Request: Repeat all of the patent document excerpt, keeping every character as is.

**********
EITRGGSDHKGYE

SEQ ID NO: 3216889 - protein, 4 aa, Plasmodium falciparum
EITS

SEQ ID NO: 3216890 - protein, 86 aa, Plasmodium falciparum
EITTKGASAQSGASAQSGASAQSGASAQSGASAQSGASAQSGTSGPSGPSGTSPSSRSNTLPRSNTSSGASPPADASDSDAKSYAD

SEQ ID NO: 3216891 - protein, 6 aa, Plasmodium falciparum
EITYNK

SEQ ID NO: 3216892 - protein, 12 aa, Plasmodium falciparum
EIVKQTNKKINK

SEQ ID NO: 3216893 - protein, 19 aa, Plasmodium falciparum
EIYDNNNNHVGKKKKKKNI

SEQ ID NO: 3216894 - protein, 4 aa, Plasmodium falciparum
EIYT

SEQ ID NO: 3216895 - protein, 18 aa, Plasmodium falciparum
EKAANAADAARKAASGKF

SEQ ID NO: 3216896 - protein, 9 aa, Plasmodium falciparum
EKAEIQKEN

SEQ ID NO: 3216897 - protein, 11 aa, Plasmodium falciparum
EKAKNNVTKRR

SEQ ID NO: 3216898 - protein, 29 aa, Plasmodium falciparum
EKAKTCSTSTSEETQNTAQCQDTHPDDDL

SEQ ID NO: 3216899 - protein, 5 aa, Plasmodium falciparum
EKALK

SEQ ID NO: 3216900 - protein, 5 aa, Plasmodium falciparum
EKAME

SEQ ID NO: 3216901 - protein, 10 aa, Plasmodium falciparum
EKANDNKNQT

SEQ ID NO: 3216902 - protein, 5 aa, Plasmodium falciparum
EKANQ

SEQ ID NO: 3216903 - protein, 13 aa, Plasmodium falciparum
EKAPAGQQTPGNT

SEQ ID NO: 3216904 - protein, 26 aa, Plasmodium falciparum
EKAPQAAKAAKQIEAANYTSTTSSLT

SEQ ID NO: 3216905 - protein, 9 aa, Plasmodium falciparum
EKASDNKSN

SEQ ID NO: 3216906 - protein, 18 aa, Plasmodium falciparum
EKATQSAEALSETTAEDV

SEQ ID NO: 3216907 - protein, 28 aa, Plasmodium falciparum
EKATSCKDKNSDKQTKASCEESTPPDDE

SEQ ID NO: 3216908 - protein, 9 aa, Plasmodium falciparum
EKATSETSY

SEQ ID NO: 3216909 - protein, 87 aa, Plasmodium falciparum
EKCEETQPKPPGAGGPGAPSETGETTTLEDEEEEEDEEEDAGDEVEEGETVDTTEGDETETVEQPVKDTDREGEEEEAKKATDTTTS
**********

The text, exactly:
EITRGGSDHKGYE

SEQ ID NO: 3216889 - protein, 4 aa, Plasmodium falciparum
EITS

SEQ ID NO: 3216890 - protein, 86 aa, Plasmodium falciparum
EITTKGASAQSGASAQSGASAQSGASAQSGASAQSGASAQSGTSGPSGPSGTSPSSRSNTLPRSNTSSGASPPADASDSDAKSYAD

SEQ ID NO: 3216891 - protein, 6 aa, Plasmodium falciparum
EITYNK

SEQ ID NO: 3216892 - protein, 12 aa, Plasmodium falciparum
EIVKQTNKKINK

SEQ ID NO: 3216893 - protein, 19 aa, Plasmodium falciparum
EIYDNNNNHVGKKKKKKNI

SEQ ID NO: 3216894 - protein, 4 aa, Plasmodium falciparum
EIYT

SEQ ID NO: 3216895 - protein, 18 aa, Plasmodium falciparum
EKAANAADAARKAASGKF

SEQ ID NO: 3216896 - protein, 9 aa, Plasmodium falciparum
EKAEIQKEN

SEQ ID NO: 3216897 - protein, 11 aa, Plasmodium falciparum
EKAKNNVTKRR

SEQ ID NO: 3216898 - protein, 29 aa, Plasmodium falciparum
EKAKTCSTSTSEETQNTAQCQDTHPDDDL

SEQ ID NO: 3216899 - protein, 5 aa, Plasmodium falciparum
EKALK

SEQ ID NO: 3216900 - protein, 5 aa, Plasmodium falciparum
EKAME

SEQ ID NO: 3216901 - protein, 10 aa, Plasmodium falciparum
EKANDNKNQT

SEQ ID NO: 3216902 - protein, 5 aa, Plasmodium falciparum
EKANQ

SEQ ID NO: 3216903 - protein, 13 aa, Plasmodium falciparum
EKAPAGQQTPGNT

SEQ ID NO: 3216904 - protein, 26 aa, Plasmodium falciparum
EKAPQAAKAAKQIEAANYTSTTSSLT

SEQ ID NO: 3216905 - protein, 9 aa, Plasmodium falciparum
EKASDNKSN

SEQ ID NO: 3216906 - protein, 18 aa, Plasmodium falciparum
EKATQSAEALSETTAEDV

SEQ ID NO: 3216907 - protein, 28 aa, Plasmodium falciparum
EKATSCKDKNSDKQTKASCEESTPPDDE

SEQ ID NO: 3216908 - protein, 9 aa, Plasmodium falciparum
EKATSETSY

SEQ ID NO: 3216909 - protein, 87 aa, Plasmodium falciparum
EKCEETQPKPPGAGGPGAPSETGETTTLEDEEEEEDEEEDAGDEVEEGETVDTTEGDETETVEQPVKDTDREGEEEEAKKATDTTTS